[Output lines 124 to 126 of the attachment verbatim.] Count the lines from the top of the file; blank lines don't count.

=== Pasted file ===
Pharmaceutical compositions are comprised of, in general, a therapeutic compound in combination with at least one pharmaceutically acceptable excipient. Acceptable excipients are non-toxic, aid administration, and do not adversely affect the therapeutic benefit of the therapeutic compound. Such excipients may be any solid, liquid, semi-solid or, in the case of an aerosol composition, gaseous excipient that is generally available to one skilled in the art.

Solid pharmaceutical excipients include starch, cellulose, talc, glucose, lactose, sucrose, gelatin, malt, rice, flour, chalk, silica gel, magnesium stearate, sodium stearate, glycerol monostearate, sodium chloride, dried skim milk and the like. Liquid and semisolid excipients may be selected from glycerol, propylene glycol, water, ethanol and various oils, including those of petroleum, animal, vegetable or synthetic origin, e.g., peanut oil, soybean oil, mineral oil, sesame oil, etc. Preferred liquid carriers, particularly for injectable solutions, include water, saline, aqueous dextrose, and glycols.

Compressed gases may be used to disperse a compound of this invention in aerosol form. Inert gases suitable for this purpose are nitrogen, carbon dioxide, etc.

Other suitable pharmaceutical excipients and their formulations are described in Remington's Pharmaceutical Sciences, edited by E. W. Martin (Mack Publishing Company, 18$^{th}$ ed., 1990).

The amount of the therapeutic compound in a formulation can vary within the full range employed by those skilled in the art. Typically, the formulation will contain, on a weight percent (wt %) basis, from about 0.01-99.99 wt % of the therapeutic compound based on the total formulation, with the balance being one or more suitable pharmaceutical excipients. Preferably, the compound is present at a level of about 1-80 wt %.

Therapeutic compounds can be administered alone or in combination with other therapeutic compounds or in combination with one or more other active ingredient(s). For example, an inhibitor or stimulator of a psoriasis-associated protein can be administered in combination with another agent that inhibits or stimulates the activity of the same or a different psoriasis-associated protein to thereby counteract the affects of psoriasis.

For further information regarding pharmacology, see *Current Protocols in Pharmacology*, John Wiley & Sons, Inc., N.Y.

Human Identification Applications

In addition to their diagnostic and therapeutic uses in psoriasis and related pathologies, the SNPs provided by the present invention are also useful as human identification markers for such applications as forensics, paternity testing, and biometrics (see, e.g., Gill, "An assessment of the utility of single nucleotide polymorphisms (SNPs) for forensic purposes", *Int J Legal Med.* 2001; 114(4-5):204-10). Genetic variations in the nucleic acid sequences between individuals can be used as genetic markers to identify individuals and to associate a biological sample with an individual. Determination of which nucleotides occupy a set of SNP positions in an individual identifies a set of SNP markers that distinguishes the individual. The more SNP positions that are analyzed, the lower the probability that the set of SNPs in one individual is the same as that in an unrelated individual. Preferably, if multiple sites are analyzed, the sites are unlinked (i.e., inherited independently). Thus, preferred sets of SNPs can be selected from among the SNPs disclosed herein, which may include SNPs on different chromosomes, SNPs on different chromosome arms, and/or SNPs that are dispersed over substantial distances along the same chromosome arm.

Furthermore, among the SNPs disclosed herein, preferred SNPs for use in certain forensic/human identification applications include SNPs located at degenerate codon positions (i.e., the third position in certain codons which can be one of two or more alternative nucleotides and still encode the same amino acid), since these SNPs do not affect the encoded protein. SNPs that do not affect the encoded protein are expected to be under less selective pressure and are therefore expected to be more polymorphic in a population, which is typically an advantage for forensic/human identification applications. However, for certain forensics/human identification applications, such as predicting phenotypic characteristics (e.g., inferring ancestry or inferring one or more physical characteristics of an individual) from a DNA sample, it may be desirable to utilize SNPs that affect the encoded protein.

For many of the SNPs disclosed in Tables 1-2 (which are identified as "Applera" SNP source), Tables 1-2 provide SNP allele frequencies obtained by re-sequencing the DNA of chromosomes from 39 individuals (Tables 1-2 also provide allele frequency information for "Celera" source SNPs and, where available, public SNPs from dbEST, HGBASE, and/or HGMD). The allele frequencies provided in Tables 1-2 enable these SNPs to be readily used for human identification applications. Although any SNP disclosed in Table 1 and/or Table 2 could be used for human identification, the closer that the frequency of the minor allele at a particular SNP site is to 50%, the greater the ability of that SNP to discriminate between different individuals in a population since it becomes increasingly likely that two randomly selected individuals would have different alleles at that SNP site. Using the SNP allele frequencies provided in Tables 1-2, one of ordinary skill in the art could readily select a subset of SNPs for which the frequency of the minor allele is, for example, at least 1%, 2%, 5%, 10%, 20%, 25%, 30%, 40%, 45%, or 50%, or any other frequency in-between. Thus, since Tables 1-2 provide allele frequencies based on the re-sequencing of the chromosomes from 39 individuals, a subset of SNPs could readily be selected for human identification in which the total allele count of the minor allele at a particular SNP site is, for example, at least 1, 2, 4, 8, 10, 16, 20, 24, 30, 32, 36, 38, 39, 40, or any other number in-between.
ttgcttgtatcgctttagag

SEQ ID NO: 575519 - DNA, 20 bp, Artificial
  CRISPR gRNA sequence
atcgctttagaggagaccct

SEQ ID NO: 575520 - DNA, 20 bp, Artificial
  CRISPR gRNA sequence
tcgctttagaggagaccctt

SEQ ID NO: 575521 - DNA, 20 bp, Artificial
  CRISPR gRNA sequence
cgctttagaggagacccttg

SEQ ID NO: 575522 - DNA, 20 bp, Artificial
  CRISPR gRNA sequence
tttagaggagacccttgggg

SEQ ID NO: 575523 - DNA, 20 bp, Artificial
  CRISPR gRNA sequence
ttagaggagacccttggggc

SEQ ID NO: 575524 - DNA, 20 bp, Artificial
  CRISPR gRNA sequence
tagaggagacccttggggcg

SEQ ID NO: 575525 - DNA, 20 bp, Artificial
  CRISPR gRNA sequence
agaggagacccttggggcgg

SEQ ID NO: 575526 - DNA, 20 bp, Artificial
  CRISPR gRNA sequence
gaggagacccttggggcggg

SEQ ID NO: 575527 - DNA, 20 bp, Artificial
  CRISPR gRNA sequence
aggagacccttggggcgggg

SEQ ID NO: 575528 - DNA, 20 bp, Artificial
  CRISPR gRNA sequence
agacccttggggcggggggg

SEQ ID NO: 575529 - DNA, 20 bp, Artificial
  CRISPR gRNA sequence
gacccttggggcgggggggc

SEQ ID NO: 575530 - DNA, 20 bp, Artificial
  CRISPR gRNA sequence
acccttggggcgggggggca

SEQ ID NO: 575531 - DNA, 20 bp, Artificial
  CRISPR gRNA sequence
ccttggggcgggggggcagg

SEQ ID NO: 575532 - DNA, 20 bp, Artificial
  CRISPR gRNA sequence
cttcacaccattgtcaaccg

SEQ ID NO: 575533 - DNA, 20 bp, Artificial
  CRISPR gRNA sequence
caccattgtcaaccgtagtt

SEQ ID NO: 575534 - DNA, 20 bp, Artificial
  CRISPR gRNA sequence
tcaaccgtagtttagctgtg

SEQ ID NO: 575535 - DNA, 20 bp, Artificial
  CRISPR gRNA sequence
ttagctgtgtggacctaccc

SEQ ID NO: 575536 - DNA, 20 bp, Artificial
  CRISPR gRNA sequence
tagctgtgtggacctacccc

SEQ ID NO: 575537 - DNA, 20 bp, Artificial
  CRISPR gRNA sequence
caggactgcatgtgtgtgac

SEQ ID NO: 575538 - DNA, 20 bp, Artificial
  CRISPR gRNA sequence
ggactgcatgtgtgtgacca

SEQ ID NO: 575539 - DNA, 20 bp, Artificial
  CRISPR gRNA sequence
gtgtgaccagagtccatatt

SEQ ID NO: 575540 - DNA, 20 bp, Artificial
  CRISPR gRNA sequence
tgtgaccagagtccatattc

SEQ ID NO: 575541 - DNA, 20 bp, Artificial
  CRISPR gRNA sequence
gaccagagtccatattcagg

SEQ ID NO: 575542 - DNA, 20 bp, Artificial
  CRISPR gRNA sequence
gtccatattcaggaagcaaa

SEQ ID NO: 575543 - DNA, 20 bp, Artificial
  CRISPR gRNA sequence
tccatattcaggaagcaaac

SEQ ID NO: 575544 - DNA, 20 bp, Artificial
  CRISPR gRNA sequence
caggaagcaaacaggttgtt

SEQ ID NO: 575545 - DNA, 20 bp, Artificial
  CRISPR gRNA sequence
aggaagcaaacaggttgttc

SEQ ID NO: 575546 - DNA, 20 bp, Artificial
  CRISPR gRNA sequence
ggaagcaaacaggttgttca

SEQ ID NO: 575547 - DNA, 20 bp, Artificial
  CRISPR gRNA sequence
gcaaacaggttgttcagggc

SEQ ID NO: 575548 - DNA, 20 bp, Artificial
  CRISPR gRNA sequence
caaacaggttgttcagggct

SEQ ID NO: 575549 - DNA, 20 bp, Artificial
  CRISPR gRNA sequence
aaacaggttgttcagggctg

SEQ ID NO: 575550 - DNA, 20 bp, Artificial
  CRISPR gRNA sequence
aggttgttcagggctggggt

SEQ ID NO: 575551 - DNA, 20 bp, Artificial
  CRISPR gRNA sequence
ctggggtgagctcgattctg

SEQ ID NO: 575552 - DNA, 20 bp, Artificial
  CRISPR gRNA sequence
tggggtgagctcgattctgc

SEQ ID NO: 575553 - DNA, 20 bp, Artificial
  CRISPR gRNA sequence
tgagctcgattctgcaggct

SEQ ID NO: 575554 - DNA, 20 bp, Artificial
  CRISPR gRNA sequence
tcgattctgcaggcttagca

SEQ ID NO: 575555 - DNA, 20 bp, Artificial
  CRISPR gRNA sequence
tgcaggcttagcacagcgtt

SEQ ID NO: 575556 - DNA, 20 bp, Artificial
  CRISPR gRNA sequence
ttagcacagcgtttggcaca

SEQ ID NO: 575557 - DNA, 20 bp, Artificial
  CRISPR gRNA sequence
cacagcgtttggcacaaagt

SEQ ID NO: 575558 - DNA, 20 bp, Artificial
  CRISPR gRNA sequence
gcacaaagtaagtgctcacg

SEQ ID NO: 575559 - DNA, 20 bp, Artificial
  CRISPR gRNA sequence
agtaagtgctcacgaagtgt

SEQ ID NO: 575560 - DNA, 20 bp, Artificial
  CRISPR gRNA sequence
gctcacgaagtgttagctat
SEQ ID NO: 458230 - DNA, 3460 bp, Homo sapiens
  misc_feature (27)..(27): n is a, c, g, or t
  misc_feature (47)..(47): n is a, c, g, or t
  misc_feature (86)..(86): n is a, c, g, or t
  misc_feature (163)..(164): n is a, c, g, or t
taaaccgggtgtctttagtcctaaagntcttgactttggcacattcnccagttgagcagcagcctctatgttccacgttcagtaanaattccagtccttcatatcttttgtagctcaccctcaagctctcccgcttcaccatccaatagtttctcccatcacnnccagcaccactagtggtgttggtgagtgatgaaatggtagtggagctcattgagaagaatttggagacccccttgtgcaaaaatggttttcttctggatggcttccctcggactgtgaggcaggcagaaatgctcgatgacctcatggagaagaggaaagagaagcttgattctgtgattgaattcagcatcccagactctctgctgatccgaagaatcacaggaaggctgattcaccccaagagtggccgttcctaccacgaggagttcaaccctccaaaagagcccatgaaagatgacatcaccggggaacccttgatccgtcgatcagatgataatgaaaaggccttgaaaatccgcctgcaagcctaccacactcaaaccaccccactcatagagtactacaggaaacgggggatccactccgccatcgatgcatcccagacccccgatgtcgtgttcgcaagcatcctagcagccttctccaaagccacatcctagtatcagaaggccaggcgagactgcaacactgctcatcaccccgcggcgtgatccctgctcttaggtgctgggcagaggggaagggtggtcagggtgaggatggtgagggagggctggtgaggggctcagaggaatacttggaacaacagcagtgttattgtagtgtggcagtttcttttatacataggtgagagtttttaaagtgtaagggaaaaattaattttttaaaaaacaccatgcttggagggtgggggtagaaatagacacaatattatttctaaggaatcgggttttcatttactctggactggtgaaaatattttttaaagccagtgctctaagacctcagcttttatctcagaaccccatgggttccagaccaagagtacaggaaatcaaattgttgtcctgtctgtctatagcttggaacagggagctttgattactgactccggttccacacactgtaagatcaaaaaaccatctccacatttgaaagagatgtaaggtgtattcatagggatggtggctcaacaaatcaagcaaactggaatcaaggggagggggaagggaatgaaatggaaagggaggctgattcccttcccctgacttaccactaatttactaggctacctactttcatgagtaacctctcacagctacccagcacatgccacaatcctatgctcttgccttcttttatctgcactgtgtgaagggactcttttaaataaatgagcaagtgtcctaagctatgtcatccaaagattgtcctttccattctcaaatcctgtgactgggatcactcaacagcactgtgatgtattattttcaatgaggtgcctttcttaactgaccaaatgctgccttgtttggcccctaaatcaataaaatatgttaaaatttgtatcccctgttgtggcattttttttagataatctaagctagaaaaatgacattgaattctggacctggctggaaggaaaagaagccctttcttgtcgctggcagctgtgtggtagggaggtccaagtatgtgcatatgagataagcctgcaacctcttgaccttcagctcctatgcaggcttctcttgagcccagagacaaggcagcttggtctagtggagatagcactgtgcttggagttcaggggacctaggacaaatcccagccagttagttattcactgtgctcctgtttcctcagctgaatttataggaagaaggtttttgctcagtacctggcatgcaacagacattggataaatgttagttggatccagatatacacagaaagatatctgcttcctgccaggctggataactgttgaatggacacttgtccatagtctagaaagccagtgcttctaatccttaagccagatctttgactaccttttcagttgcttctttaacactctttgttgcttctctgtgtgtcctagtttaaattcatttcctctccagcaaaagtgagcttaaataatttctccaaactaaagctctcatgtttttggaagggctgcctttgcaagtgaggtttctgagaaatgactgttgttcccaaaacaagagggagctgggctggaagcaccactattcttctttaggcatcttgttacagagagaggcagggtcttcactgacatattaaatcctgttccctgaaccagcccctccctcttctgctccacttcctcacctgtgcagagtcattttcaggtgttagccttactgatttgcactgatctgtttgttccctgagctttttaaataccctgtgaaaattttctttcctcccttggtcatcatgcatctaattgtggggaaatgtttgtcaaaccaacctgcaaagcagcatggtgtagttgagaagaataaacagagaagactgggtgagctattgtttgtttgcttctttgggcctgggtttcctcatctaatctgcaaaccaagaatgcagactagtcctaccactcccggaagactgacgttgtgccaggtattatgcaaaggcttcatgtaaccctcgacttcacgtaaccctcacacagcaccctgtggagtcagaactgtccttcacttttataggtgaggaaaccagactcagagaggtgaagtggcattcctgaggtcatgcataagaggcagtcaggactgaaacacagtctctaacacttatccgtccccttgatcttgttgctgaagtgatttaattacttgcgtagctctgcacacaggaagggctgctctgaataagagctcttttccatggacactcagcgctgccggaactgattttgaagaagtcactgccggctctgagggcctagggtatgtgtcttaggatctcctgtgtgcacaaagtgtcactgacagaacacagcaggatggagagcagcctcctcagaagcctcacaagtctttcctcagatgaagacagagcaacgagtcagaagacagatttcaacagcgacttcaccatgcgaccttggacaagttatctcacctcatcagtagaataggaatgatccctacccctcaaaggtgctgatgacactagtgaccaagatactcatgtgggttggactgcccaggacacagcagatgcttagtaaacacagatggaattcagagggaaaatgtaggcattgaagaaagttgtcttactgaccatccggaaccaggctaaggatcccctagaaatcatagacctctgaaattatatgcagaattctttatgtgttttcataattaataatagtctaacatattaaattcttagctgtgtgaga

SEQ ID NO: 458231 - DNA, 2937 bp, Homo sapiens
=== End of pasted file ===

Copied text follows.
SEQ ID NO: 575556 - DNA, 20 bp, Artificial
  CRISPR gRNA sequence
ttagcacagcgtttggcaca